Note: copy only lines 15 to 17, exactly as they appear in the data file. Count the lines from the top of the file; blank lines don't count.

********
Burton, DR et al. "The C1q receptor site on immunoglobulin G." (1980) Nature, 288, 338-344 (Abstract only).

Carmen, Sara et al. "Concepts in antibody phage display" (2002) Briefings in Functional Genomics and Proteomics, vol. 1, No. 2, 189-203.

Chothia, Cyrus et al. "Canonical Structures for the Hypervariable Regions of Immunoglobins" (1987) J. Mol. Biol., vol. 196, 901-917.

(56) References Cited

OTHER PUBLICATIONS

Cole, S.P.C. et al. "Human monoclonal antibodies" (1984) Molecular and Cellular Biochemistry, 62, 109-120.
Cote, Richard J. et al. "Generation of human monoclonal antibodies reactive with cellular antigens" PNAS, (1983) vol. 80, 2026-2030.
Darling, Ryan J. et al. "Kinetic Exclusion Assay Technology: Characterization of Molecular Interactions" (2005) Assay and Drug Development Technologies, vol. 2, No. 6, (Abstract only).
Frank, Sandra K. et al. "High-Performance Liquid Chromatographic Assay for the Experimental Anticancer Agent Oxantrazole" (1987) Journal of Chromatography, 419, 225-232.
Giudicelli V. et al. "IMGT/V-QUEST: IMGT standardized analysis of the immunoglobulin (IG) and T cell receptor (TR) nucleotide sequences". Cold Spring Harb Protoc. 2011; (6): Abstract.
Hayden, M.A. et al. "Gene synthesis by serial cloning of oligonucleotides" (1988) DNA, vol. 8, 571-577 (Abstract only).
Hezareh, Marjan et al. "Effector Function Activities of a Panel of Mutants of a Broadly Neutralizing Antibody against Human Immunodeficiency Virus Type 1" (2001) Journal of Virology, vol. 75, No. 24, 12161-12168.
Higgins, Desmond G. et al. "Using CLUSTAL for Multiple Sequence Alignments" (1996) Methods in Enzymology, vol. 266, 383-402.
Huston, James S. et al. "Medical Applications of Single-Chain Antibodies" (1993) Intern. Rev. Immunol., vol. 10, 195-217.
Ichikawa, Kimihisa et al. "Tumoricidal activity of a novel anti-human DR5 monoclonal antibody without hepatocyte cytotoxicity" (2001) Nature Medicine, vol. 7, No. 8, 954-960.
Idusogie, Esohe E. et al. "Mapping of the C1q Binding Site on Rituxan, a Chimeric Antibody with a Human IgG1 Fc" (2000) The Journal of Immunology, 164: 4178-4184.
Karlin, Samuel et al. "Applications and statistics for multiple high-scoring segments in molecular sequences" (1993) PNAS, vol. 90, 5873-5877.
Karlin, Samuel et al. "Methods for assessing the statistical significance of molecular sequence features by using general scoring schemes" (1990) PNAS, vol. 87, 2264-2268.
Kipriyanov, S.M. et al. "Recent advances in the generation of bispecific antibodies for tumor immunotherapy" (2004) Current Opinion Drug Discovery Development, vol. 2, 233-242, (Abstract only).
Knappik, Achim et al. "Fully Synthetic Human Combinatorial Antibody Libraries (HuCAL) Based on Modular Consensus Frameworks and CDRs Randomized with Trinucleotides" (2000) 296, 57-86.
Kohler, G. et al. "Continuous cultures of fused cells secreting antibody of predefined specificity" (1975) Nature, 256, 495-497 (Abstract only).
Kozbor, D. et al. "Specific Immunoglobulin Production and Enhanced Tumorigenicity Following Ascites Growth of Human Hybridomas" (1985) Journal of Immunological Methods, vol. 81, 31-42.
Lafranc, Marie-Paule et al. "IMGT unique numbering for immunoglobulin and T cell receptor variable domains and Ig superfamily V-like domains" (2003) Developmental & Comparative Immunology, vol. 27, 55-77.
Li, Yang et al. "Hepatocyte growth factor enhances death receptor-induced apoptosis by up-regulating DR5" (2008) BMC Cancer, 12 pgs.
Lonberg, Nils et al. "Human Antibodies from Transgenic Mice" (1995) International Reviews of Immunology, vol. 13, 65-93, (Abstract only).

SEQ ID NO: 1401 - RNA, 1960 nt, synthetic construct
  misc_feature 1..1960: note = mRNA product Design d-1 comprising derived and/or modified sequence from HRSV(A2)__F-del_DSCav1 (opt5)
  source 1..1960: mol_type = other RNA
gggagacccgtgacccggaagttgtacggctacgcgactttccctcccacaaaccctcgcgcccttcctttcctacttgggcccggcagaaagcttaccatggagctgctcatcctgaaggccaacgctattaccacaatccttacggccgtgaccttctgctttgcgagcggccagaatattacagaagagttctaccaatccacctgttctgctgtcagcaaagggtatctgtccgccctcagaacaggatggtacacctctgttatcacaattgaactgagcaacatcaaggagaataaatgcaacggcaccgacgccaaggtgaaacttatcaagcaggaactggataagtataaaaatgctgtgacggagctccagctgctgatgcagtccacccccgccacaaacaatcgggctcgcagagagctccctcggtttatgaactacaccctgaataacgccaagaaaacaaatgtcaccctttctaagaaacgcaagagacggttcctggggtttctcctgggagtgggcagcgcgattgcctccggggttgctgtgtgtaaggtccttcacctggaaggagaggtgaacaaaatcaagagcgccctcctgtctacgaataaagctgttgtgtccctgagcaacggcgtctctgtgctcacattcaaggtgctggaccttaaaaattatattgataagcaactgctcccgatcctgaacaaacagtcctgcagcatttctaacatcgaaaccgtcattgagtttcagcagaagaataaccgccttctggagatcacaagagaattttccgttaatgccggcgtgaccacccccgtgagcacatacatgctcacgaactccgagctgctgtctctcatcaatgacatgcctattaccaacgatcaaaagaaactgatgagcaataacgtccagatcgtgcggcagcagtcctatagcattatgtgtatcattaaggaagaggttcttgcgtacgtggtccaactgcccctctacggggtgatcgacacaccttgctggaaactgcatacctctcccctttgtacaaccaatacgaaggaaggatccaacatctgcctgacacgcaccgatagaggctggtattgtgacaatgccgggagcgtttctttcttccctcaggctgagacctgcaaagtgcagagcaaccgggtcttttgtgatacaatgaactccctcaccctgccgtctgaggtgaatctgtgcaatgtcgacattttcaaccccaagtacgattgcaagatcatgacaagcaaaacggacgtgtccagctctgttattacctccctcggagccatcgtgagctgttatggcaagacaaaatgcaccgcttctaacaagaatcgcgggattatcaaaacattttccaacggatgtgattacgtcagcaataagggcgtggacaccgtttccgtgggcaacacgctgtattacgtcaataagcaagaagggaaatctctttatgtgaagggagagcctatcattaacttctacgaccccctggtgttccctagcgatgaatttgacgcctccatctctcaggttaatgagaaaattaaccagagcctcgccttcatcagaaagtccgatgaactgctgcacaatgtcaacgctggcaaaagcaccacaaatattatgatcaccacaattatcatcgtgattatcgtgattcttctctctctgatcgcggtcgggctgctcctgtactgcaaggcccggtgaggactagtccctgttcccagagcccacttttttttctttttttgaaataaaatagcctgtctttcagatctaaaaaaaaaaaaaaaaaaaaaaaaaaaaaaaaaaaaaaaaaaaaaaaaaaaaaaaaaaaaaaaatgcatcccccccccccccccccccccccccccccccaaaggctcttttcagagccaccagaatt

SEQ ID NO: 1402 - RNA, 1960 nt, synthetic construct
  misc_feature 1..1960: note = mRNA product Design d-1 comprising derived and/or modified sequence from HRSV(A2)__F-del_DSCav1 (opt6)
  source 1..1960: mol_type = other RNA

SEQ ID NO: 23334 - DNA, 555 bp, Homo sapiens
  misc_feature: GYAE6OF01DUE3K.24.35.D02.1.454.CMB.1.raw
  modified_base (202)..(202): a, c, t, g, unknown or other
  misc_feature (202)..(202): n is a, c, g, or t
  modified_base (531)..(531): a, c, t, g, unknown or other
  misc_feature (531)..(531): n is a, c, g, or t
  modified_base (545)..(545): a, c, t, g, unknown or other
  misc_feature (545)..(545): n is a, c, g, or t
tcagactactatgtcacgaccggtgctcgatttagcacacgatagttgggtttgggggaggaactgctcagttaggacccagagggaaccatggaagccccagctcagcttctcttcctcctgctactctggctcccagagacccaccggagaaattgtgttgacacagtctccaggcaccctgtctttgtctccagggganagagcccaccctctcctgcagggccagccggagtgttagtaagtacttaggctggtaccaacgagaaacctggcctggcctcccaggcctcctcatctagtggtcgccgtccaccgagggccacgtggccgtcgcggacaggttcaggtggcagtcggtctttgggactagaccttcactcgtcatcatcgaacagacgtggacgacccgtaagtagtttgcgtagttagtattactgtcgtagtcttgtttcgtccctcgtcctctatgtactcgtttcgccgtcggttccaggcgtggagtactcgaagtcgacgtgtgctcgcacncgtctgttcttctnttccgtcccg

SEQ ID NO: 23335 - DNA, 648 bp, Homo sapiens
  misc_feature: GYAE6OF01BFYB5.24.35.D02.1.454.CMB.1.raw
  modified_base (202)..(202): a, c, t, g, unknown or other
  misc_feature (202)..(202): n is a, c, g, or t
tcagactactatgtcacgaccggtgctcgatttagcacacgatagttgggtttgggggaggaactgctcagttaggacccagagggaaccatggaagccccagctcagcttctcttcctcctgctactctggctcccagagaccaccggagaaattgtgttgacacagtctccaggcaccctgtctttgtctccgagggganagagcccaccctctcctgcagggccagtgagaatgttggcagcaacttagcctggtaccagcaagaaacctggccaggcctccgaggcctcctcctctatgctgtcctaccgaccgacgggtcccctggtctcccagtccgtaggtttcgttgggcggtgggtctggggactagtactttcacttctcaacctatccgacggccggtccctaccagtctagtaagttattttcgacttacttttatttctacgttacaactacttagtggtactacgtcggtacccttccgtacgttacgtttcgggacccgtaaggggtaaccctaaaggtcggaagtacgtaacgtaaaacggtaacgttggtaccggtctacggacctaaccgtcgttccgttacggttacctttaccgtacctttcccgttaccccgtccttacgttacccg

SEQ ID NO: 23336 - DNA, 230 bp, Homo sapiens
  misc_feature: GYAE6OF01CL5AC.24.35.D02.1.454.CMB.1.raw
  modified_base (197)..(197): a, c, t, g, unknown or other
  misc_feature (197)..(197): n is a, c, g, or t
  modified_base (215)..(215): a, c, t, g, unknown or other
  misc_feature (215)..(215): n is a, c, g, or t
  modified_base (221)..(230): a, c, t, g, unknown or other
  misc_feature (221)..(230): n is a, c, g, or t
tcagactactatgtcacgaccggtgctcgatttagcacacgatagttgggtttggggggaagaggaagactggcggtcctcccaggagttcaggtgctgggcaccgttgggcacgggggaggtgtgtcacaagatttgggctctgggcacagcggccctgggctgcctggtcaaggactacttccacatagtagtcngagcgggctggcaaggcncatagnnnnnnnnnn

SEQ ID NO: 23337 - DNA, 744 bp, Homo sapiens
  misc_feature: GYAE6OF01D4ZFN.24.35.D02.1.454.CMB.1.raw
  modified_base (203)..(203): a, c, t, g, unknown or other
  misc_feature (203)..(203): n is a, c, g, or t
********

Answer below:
Ichikawa, Kimihisa et al. "Tumoricidal activity of a novel anti-human DR5 monoclonal antibody without hepatocyte cytotoxicity" (2001) Nature Medicine, vol. 7, No. 8, 954-960.
Idusogie, Esohe E. et al. "Mapping of the C1q Binding Site on Rituxan, a Chimeric Antibody with a Human IgG1 Fc" (2000) The Journal of Immunology, 164: 4178-4184.
Karlin, Samuel et al. "Applications and statistics for multiple high-scoring segments in molecular sequences" (1993) PNAS, vol. 90, 5873-5877.